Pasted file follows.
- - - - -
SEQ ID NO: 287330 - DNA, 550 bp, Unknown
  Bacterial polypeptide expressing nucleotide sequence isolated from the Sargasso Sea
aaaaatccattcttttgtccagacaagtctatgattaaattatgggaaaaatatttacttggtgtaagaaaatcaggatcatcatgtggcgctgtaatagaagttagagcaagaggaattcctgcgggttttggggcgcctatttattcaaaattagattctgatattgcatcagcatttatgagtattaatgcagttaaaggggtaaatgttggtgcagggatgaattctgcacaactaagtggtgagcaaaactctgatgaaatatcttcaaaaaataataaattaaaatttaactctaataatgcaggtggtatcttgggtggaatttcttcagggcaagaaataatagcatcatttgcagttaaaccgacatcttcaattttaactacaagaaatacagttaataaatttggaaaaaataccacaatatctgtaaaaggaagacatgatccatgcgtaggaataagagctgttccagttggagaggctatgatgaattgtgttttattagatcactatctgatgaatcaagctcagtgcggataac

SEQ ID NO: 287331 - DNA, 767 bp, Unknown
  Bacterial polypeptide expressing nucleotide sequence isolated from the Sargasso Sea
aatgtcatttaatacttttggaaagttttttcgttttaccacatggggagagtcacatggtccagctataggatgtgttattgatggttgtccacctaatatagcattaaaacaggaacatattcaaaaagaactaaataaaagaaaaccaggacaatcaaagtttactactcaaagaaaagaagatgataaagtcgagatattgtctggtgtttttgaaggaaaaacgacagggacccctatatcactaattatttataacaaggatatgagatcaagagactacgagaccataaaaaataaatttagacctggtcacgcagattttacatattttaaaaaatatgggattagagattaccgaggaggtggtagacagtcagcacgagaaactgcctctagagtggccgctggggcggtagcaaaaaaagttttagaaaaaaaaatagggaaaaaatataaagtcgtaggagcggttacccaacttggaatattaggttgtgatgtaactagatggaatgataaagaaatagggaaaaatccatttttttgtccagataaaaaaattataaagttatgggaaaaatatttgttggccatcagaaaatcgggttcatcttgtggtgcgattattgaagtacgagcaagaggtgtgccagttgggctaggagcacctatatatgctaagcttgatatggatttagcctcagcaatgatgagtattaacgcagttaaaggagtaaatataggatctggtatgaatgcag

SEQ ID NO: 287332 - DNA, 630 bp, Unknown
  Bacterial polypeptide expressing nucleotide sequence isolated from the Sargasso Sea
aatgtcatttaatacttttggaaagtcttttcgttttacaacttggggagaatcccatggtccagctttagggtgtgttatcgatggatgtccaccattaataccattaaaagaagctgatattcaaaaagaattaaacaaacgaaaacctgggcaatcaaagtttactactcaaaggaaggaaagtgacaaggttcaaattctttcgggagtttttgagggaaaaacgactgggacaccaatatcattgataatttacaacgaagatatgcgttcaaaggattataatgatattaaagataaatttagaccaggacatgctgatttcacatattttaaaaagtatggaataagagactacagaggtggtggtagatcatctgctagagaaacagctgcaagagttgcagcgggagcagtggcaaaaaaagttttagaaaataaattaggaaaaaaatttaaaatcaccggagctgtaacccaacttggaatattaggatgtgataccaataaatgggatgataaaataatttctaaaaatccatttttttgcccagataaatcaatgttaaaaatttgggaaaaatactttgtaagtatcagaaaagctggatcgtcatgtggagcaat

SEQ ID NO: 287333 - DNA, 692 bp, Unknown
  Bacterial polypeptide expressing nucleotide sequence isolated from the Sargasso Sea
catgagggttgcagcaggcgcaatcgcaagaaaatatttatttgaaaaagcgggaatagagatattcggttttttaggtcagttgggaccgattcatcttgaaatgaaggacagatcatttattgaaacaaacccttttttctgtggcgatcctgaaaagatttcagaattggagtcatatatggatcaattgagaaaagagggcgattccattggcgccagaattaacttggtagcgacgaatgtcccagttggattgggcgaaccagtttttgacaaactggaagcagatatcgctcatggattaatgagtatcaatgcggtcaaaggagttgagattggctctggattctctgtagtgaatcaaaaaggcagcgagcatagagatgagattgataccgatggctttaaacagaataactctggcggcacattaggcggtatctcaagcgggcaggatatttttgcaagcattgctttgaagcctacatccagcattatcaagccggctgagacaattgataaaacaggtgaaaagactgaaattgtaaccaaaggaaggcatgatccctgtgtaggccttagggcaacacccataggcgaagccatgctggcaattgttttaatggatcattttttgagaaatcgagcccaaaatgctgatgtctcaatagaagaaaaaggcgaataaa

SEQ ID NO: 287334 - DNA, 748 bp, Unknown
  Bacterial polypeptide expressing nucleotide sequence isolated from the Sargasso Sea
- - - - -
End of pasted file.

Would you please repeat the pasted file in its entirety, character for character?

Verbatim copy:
SEQ ID NO: 287330 - DNA, 550 bp, Unknown
  Bacterial polypeptide expressing nucleotide sequence isolated from the Sargasso Sea
aaaaatccattcttttgtccagacaagtctatgattaaattatgggaaaaatatttacttggtgtaagaaaatcaggatcatcatgtggcgctgtaatagaagttagagcaagaggaattcctgcgggttttggggcgcctatttattcaaaattagattctgatattgcatcagcatttatgagtattaatgcagttaaaggggtaaatgttggtgcagggatgaattctgcacaactaagtggtgagcaaaactctgatgaaatatcttcaaaaaataataaattaaaatttaactctaataatgcaggtggtatcttgggtggaatttcttcagggcaagaaataatagcatcatttgcagttaaaccgacatcttcaattttaactacaagaaatacagttaataaatttggaaaaaataccacaatatctgtaaaaggaagacatgatccatgcgtaggaataagagctgttccagttggagaggctatgatgaattgtgttttattagatcactatctgatgaatcaagctcagtgcggataac

SEQ ID NO: 287331 - DNA, 767 bp, Unknown
  Bacterial polypeptide expressing nucleotide sequence isolated from the Sargasso Sea
aatgtcatttaatacttttggaaagttttttcgttttaccacatggggagagtcacatggtccagctataggatgtgttattgatggttgtccacctaatatagcattaaaacaggaacatattcaaaaagaactaaataaaagaaaaccaggacaatcaaagtttactactcaaagaaaagaagatgataaagtcgagatattgtctggtgtttttgaaggaaaaacgacagggacccctatatcactaattatttataacaaggatatgagatcaagagactacgagaccataaaaaataaatttagacctggtcacgcagattttacatattttaaaaaatatgggattagagattaccgaggaggtggtagacagtcagcacgagaaactgcctctagagtggccgctggggcggtagcaaaaaaagttttagaaaaaaaaatagggaaaaaatataaagtcgtaggagcggttacccaacttggaatattaggttgtgatgtaactagatggaatgataaagaaatagggaaaaatccatttttttgtccagataaaaaaattataaagttatgggaaaaatatttgttggccatcagaaaatcgggttcatcttgtggtgcgattattgaagtacgagcaagaggtgtgccagttgggctaggagcacctatatatgctaagcttgatatggatttagcctcagcaatgatgagtattaacgcagttaaaggagtaaatataggatctggtatgaatgcag

SEQ ID NO: 287332 - DNA, 630 bp, Unknown
  Bacterial polypeptide expressing nucleotide sequence isolated from the Sargasso Sea
aatgtcatttaatacttttggaaagtcttttcgttttacaacttggggagaatcccatggtccagctttagggtgtgttatcgatggatgtccaccattaataccattaaaagaagctgatattcaaaaagaattaaacaaacgaaaacctgggcaatcaaagtttactactcaaaggaaggaaagtgacaaggttcaaattctttcgggagtttttgagggaaaaacgactgggacaccaatatcattgataatttacaacgaagatatgcgttcaaaggattataatgatattaaagataaatttagaccaggacatgctgatttcacatattttaaaaagtatggaataagagactacagaggtggtggtagatcatctgctagagaaacagctgcaagagttgcagcgggagcagtggcaaaaaaagttttagaaaataaattaggaaaaaaatttaaaatcaccggagctgtaacccaacttggaatattaggatgtgataccaataaatgggatgataaaataatttctaaaaatccatttttttgcccagataaatcaatgttaaaaatttgggaaaaatactttgtaagtatcagaaaagctggatcgtcatgtggagcaat

SEQ ID NO: 287333 - DNA, 692 bp, Unknown
  Bacterial polypeptide expressing nucleotide sequence isolated from the Sargasso Sea
catgagggttgcagcaggcgcaatcgcaagaaaatatttatttgaaaaagcgggaatagagatattcggttttttaggtcagttgggaccgattcatcttgaaatgaaggacagatcatttattgaaacaaacccttttttctgtggcgatcctgaaaagatttcagaattggagtcatatatggatcaattgagaaaagagggcgattccattggcgccagaattaacttggtagcgacgaatgtcccagttggattgggcgaaccagtttttgacaaactggaagcagatatcgctcatggattaatgagtatcaatgcggtcaaaggagttgagattggctctggattctctgtagtgaatcaaaaaggcagcgagcatagagatgagattgataccgatggctttaaacagaataactctggcggcacattaggcggtatctcaagcgggcaggatatttttgcaagcattgctttgaagcctacatccagcattatcaagccggctgagacaattgataaaacaggtgaaaagactgaaattgtaaccaaaggaaggcatgatccctgtgtaggccttagggcaacacccataggcgaagccatgctggcaattgttttaatggatcattttttgagaaatcgagcccaaaatgctgatgtctcaatagaagaaaaaggcgaataaa

SEQ ID NO: 287334 - DNA, 748 bp, Unknown
  Bacterial polypeptide expressing nucleotide sequence isolated from the Sargasso Sea